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  • Aristotle and Eudoxus on the Argument From Contraries.Wei Cheng - 2020 - Archiv für Geschichte der Philosophie 102 (4):588-618.
    The debate over the value of pleasure among Eudoxus, Speusippus, and Aristotle is dramatically documented by the Nicomachean Ethics, particularly in the dialectical pros-and-cons concerning the so-called argument from contraries. Two similar versions of this argument are preserved at EN VII. 13, 1153b1–4, and X. 2, 1172b18–20. Many scholars believe that the argument at EN VII is either a report or an appropriation of the Eudoxean argument in EN X. This essay aims to revise this received view. It will explain (...)
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  • Socrates, Vlastos, Scanlon and the Principle of the Sovereignty of Virtue.Daniel Simão Nascimento - 2020 - Archai: Revista de Estudos Sobre as Origens Do Pensamento Ocidental 30:e03009.
    This article offers a new formulation of the Socratic principle known as the Principle of the Sovereignty of Virtue. It is divided in three sections. In the first section I criticize Vlastos’ formulation of the PSV. In the second section I present the weighing model of practical deliberation, introduce the concepts of reason for action, simple reason, sufficient reason and conclusive reason that were offered by Thomas Scanlon in Being realistic about reasons, and then I adapt these concepts so as (...)
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  • Phaecian Dido: Lost Pleasures of an Epicurean Intertext.Pamela Gordon - 1998 - Classical Antiquity 17 (2):188-211.
    Commentators since antiquity have seen connections between Virgil's Dido and the philosophy of the Garden, and several recent studies have drawn attention to the echoes of Lucretius in the first and fourth books of the Aeneid. This essay proposes that there is an even richer and more extensive Epicurean presence intertwined with the Dido episode. Although Virgilian quotations of Lucretius provide the most obvious references to Epicureanism, too narrow a focus on the traces of the De Rerum Natura obscures important (...)
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  • The Pleasures of the Comic and of Socratic Inquiry.Mitchell Miller - 2008 - Arethusa 41 (2):263-289.
    At Apology 33c Socrates explains that "some people enjoy … my company" because "they … enjoy hearing those questioned who think they are wise but are not." At Philebus 48a-50b he makes central to his account of the pleasure of laughing at comedy the exposé of the self-ignorance of those who presume themselves wise. Does the latter passage explain the pleasure of watching Socrates at work? I explore this by tracing the admixture of pain, the causes, and the "natural harmony" (...)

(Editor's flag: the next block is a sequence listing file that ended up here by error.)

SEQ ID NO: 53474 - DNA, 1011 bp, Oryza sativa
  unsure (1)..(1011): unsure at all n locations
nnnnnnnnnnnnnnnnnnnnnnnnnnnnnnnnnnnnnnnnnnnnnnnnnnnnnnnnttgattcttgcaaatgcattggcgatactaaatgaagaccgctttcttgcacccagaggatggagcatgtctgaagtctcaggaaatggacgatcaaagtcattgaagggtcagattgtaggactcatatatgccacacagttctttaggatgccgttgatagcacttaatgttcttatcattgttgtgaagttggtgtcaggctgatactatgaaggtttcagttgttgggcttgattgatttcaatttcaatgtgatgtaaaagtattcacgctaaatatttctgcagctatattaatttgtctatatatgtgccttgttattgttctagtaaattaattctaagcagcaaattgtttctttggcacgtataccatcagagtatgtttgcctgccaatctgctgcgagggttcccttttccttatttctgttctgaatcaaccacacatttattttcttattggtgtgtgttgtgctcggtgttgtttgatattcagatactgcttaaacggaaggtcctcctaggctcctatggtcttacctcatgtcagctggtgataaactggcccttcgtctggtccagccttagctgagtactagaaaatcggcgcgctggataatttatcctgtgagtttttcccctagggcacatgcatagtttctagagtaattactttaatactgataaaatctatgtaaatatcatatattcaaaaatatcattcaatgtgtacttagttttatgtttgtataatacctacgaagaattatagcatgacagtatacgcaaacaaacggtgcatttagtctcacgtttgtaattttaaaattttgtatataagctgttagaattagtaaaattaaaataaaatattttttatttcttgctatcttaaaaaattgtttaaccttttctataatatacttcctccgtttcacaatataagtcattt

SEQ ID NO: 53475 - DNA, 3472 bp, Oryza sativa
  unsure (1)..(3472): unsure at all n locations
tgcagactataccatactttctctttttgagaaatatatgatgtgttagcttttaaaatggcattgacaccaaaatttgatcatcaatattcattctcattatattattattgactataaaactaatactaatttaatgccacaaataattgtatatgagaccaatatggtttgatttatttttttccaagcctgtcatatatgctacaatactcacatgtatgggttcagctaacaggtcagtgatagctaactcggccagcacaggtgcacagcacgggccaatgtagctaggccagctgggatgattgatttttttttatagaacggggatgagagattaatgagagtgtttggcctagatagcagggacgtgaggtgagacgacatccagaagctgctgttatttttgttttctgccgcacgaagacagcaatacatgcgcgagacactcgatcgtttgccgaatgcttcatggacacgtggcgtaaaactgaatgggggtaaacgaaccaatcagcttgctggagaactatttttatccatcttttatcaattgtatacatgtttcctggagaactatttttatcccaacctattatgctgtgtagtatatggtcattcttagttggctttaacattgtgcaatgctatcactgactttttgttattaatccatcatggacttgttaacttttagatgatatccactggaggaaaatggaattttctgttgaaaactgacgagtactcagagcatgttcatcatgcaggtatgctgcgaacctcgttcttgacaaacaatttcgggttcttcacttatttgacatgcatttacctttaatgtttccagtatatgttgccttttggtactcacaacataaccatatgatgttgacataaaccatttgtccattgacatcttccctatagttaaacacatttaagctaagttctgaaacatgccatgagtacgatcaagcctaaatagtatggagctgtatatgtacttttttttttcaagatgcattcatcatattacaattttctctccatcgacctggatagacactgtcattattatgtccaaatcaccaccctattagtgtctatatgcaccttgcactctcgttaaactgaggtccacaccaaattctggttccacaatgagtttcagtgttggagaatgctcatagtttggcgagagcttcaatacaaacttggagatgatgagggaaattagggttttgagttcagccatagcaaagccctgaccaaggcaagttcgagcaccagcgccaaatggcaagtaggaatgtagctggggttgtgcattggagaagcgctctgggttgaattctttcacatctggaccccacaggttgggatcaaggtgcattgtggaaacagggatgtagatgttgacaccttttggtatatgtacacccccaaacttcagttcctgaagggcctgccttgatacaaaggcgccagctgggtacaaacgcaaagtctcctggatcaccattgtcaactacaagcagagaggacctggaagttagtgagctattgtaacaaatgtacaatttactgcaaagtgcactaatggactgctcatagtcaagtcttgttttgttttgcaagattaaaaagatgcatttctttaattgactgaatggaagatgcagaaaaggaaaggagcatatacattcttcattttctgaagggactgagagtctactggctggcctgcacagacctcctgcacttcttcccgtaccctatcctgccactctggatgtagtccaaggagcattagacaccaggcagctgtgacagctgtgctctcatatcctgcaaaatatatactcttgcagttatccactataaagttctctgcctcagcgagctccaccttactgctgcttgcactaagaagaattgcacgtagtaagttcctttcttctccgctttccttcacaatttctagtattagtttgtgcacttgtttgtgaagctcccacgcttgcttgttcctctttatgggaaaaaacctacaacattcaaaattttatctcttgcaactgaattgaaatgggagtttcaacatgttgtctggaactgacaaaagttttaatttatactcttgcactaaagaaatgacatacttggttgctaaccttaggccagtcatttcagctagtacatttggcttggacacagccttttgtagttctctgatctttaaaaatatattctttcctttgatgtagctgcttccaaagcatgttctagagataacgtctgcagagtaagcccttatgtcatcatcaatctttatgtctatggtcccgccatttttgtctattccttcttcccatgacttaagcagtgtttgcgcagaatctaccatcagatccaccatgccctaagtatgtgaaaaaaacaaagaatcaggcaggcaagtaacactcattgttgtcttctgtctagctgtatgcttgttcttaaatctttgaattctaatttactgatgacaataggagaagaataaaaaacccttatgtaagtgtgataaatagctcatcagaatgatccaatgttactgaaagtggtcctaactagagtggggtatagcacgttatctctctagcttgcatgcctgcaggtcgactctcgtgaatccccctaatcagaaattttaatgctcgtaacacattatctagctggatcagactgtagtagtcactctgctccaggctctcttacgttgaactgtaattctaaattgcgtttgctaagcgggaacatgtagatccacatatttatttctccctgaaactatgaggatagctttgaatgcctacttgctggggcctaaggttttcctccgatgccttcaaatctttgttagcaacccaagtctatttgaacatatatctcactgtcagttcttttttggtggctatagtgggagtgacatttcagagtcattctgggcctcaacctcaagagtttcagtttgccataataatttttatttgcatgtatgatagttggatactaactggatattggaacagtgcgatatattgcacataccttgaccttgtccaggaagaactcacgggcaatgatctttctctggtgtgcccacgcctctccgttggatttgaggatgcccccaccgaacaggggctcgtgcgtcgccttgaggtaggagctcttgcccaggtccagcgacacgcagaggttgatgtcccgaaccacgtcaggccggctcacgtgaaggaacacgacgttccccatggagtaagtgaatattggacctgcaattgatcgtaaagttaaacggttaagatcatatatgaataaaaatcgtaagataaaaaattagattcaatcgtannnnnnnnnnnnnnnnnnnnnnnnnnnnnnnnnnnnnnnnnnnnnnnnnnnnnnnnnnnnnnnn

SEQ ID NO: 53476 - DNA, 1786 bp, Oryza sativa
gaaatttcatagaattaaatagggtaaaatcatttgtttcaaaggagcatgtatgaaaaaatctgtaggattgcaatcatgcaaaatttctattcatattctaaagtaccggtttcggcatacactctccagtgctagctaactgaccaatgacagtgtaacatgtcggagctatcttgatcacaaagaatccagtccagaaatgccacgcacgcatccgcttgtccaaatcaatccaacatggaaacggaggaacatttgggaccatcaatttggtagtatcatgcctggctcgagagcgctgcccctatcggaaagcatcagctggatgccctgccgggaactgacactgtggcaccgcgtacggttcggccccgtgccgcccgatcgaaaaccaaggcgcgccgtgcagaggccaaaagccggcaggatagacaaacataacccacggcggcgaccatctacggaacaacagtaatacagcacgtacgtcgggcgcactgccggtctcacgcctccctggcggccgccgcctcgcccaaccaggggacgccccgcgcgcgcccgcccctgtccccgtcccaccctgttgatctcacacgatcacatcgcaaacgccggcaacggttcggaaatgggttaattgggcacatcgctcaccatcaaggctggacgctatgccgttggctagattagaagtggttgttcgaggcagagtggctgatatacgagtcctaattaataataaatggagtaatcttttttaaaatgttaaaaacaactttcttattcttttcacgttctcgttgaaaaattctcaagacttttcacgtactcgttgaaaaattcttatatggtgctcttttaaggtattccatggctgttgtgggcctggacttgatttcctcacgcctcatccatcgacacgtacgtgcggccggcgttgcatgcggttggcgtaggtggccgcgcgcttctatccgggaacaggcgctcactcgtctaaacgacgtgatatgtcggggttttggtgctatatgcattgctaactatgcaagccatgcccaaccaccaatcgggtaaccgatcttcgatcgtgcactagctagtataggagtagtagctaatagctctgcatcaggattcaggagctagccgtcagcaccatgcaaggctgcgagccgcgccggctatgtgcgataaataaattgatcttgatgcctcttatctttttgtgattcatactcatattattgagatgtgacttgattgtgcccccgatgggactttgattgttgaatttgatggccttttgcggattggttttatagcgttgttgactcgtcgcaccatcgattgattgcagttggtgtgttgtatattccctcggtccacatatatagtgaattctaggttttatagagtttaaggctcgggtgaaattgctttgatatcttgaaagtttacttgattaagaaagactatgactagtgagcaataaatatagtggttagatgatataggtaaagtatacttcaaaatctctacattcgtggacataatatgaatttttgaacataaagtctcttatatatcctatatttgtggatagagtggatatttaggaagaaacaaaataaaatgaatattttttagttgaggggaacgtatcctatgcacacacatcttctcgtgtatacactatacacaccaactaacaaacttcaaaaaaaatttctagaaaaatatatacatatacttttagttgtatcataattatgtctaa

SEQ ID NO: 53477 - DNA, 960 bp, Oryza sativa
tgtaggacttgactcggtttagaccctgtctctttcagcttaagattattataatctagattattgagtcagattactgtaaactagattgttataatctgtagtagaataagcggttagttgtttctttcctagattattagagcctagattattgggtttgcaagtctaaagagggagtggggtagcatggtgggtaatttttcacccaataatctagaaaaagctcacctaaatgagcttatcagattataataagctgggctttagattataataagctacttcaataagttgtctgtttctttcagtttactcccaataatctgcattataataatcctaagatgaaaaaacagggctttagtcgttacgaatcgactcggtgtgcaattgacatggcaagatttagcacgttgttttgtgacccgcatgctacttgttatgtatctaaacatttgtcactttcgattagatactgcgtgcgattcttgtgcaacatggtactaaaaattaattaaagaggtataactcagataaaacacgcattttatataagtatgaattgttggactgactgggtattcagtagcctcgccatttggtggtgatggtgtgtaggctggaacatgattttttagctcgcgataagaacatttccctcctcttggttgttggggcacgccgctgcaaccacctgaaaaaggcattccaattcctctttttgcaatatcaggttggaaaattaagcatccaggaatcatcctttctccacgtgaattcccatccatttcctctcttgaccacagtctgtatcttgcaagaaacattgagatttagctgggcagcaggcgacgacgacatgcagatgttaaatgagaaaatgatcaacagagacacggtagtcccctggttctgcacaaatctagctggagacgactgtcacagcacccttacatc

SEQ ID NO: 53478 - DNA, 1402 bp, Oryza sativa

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  • Prudence, Rationality and Happiness in Aristippus.Kristian Urstad - 2008 - Gnosis.
    It is noticeably clear from several ancient sources that the hedonist Aristippus of Cyrene (a friend and student of Socrates) asks us to concentrate on enjoying the pleasures of the present or near­ future. What is not so obvious is his reason for such a recommendation. Although any explanation for this is bound to be somewhat speculative due to the inadequacy of the sources, I would like to offer a possible rationale for, and subsequent reconstruction of, his view, one which (...)
     
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  • Pleasure, Falsity, and the Good in Plato's "Philebus".Ciriaco Medina Sayson - 1999 - Dissertation, University of Massachusetts Amherst
    The argument in Plato's Philebus presents three successive formulations of the hedonist principle. Commentators often take Socrates' argument in the dialogue to be dealing solely with the third formulation, which states that pleasure, rather than intelligence, is closer in nature to the good. I argue that, nonetheless, in the dialogue Socrates remained concerned to provide a direct refutation of the first formulation, that is, of the straightforward claim that pleasure is the good for all living beings. ;Chapter One ascribes to (...)
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  • Colloquium 5: Plato’s Anti-Hedonism.Gunter Figal - 2008 - Proceedings of the Boston Area Colloquium of Ancient Philosophy 23 (1):187-204.
  • Anscombe and Aristotle on Corrupt Minds.K. L. Flannery - 2008 - Christian Bioethics 14 (2):151-164.
  • Propositional Pleasures in Plato’s Philebus.Fernando Muniz - 2014 - Journal of Ancient Philosophy 8 (1):49.
  • The Concept of Pleasure: Plato Versus Greek's Manner of Life.Aysun Aydin - 2013 - Ethos: Dialogues in Philosophy and Social Sciences 6 (2).
    The purpose of this paper is to compare and contrast Plato’s concept of pleasure and the place of this concept in Greek’s manner of life. In general, the daily life of Greek society is based on simplicity and temperance, which simply aims at avoiding extremism of any kind. However, some studies show that social togetherness for celebrations and excessiveness in bodily pleasure are constantly seen in this society. Yet, against this background Plato emphasizes the importance of putting restraints on bodily (...)
     
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  • Aisthēsis, Reason and Appetite in the Timaeus.Emily Fletcher - 2016 - Phronesis 61 (4):397-434.